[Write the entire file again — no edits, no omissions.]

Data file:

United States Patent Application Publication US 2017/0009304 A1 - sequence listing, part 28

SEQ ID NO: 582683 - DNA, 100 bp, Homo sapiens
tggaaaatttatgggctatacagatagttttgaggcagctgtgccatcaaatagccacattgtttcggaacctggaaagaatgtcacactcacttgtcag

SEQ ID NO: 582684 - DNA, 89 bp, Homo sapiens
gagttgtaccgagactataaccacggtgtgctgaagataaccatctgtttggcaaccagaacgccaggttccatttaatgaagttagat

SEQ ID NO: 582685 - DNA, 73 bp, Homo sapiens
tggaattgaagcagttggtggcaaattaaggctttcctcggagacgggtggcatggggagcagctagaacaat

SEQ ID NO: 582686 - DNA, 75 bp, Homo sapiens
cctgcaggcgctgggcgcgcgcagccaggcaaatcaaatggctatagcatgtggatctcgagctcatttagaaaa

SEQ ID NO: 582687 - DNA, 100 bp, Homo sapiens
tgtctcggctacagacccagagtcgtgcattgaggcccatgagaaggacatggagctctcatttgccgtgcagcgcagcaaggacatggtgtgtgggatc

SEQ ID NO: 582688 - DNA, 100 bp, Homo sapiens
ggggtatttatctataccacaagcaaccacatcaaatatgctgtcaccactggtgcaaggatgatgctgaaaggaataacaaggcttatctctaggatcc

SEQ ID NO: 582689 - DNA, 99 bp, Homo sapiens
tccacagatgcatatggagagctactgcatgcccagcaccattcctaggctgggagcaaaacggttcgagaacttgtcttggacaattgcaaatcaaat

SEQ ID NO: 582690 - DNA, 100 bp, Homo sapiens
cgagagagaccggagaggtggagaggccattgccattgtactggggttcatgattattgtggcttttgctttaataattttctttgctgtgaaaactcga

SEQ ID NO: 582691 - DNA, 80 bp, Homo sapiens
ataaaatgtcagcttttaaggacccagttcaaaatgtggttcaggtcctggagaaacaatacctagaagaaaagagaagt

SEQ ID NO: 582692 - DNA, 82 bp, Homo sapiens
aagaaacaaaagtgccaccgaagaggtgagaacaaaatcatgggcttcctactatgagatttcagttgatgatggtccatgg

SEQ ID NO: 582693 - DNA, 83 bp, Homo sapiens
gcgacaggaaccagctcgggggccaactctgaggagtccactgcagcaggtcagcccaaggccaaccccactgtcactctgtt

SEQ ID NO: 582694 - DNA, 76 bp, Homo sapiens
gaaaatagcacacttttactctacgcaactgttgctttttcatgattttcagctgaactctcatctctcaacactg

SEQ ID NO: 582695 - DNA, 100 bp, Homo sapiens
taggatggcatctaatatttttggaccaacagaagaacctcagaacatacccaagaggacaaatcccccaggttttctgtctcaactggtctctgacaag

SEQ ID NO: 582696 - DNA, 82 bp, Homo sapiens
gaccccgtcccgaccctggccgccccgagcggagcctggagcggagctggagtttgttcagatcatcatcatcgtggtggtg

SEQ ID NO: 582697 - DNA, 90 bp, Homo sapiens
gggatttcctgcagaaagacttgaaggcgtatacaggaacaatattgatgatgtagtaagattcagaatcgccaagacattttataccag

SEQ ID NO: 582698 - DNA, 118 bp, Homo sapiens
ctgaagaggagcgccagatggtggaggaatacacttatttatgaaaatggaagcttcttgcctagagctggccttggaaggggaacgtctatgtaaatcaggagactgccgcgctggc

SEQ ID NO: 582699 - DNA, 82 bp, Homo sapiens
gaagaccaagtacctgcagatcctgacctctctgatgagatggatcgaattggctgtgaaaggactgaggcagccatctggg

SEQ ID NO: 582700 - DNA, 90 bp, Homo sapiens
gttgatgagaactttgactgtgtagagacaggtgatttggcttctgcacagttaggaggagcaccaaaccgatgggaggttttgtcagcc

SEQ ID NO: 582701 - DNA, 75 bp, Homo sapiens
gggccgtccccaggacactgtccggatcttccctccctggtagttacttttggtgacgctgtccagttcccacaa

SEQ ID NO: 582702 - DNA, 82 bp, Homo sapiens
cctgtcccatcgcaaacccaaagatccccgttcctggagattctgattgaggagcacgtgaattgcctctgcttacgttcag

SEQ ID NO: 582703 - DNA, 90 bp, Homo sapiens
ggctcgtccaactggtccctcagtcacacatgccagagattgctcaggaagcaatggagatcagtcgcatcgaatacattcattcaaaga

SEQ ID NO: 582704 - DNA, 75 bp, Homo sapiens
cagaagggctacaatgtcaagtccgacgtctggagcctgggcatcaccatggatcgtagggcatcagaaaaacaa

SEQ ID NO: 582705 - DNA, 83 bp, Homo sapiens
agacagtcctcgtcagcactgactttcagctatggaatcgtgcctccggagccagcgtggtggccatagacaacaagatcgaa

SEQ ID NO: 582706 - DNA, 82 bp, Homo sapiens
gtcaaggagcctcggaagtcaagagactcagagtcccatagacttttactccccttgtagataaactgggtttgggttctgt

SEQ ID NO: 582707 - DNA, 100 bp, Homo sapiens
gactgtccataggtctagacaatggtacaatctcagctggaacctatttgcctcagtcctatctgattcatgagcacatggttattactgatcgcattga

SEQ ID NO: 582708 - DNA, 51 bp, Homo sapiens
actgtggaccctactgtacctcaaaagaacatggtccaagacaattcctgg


United States Patent Application Publication US 2017/0009304 A1 - sequence listing, part 28

SEQ ID NO: 582683 - DNA, 100 bp, Homo sapiens
tggaaaatttatgggctatacagatagttttgaggcagctgtgccatcaaatagccacattgtttcggaacctggaaagaatgtcacactcacttgtcag

SEQ ID NO: 582684 - DNA, 89 bp, Homo sapiens
gagttgtaccgagactataaccacggtgtgctgaagataaccatctgtttggcaaccagaacgccaggttccatttaatgaagttagat

SEQ ID NO: 582685 - DNA, 73 bp, Homo sapiens
tggaattgaagcagttggtggcaaattaaggctttcctcggagacgggtggcatggggagcagctagaacaat

SEQ ID NO: 582686 - DNA, 75 bp, Homo sapiens
cctgcaggcgctgggcgcgcgcagccaggcaaatcaaatggctatagcatgtggatctcgagctcatttagaaaa

SEQ ID NO: 582687 - DNA, 100 bp, Homo sapiens
tgtctcggctacagacccagagtcgtgcattgaggcccatgagaaggacatggagctctcatttgccgtgcagcgcagcaaggacatggtgtgtgggatc

SEQ ID NO: 582688 - DNA, 100 bp, Homo sapiens
ggggtatttatctataccacaagcaaccacatcaaatatgctgtcaccactggtgcaaggatgatgctgaaaggaataacaaggcttatctctaggatcc

SEQ ID NO: 582689 - DNA, 99 bp, Homo sapiens
tccacagatgcatatggagagctactgcatgcccagcaccattcctaggctgggagcaaaacggttcgagaacttgtcttggacaattgcaaatcaaat

SEQ ID NO: 582690 - DNA, 100 bp, Homo sapiens
cgagagagaccggagaggtggagaggccattgccattgtactggggttcatgattattgtggcttttgctttaataattttctttgctgtgaaaactcga

SEQ ID NO: 582691 - DNA, 80 bp, Homo sapiens
ataaaatgtcagcttttaaggacccagttcaaaatgtggttcaggtcctggagaaacaatacctagaagaaaagagaagt

SEQ ID NO: 582692 - DNA, 82 bp, Homo sapiens
aagaaacaaaagtgccaccgaagaggtgagaacaaaatcatgggcttcctactatgagatttcagttgatgatggtccatgg

SEQ ID NO: 582693 - DNA, 83 bp, Homo sapiens
gcgacaggaaccagctcgggggccaactctgaggagtccactgcagcaggtcagcccaaggccaaccccactgtcactctgtt

SEQ ID NO: 582694 - DNA, 76 bp, Homo sapiens
gaaaatagcacacttttactctacgcaactgttgctttttcatgattttcagctgaactctcatctctcaacactg

SEQ ID NO: 582695 - DNA, 100 bp, Homo sapiens
taggatggcatctaatatttttggaccaacagaagaacctcagaacatacccaagaggacaaatcccccaggttttctgtctcaactggtctctgacaag

SEQ ID NO: 582696 - DNA, 82 bp, Homo sapiens
gaccccgtcccgaccctggccgccccgagcggagcctggagcggagctggagtttgttcagatcatcatcatcgtggtggtg

SEQ ID NO: 582697 - DNA, 90 bp, Homo sapiens
gggatttcctgcagaaagacttgaaggcgtatacaggaacaatattgatgatgtagtaagattcagaatcgccaagacattttataccag

SEQ ID NO: 582698 - DNA, 118 bp, Homo sapiens
ctgaagaggagcgccagatggtggaggaatacacttatttatgaaaatggaagcttcttgcctagagctggccttggaaggggaacgtctatgtaaatcaggagactgccgcgctggc

SEQ ID NO: 582699 - DNA, 82 bp, Homo sapiens
gaagaccaagtacctgcagatcctgacctctctgatgagatggatcgaattggctgtgaaaggactgaggcagccatctggg

SEQ ID NO: 582700 - DNA, 90 bp, Homo sapiens
gttgatgagaactttgactgtgtagagacaggtgatttggcttctgcacagttaggaggagcaccaaaccgatgggaggttttgtcagcc

SEQ ID NO: 582701 - DNA, 75 bp, Homo sapiens
gggccgtccccaggacactgtccggatcttccctccctggtagttacttttggtgacgctgtccagttcccacaa

SEQ ID NO: 582702 - DNA, 82 bp, Homo sapiens
cctgtcccatcgcaaacccaaagatccccgttcctggagattctgattgaggagcacgtgaattgcctctgcttacgttcag

SEQ ID NO: 582703 - DNA, 90 bp, Homo sapiens
ggctcgtccaactggtccctcagtcacacatgccagagattgctcaggaagcaatggagatcagtcgcatcgaatacattcattcaaaga

SEQ ID NO: 582704 - DNA, 75 bp, Homo sapiens
cagaagggctacaatgtcaagtccgacgtctggagcctgggcatcaccatggatcgtagggcatcagaaaaacaa

SEQ ID NO: 582705 - DNA, 83 bp, Homo sapiens
agacagtcctcgtcagcactgactttcagctatggaatcgtgcctccggagccagcgtggtggccatagacaacaagatcgaa

SEQ ID NO: 582706 - DNA, 82 bp, Homo sapiens
gtcaaggagcctcggaagtcaagagactcagagtcccatagacttttactccccttgtagataaactgggtttgggttctgt

SEQ ID NO: 582707 - DNA, 100 bp, Homo sapiens
gactgtccataggtctagacaatggtacaatctcagctggaacctatttgcctcagtcctatctgattcatgagcacatggttattactgatcgcattga

SEQ ID NO: 582708 - DNA, 51 bp, Homo sapiens
actgtggaccctactgtacctcaaaagaacatggtccaagacaattcctgg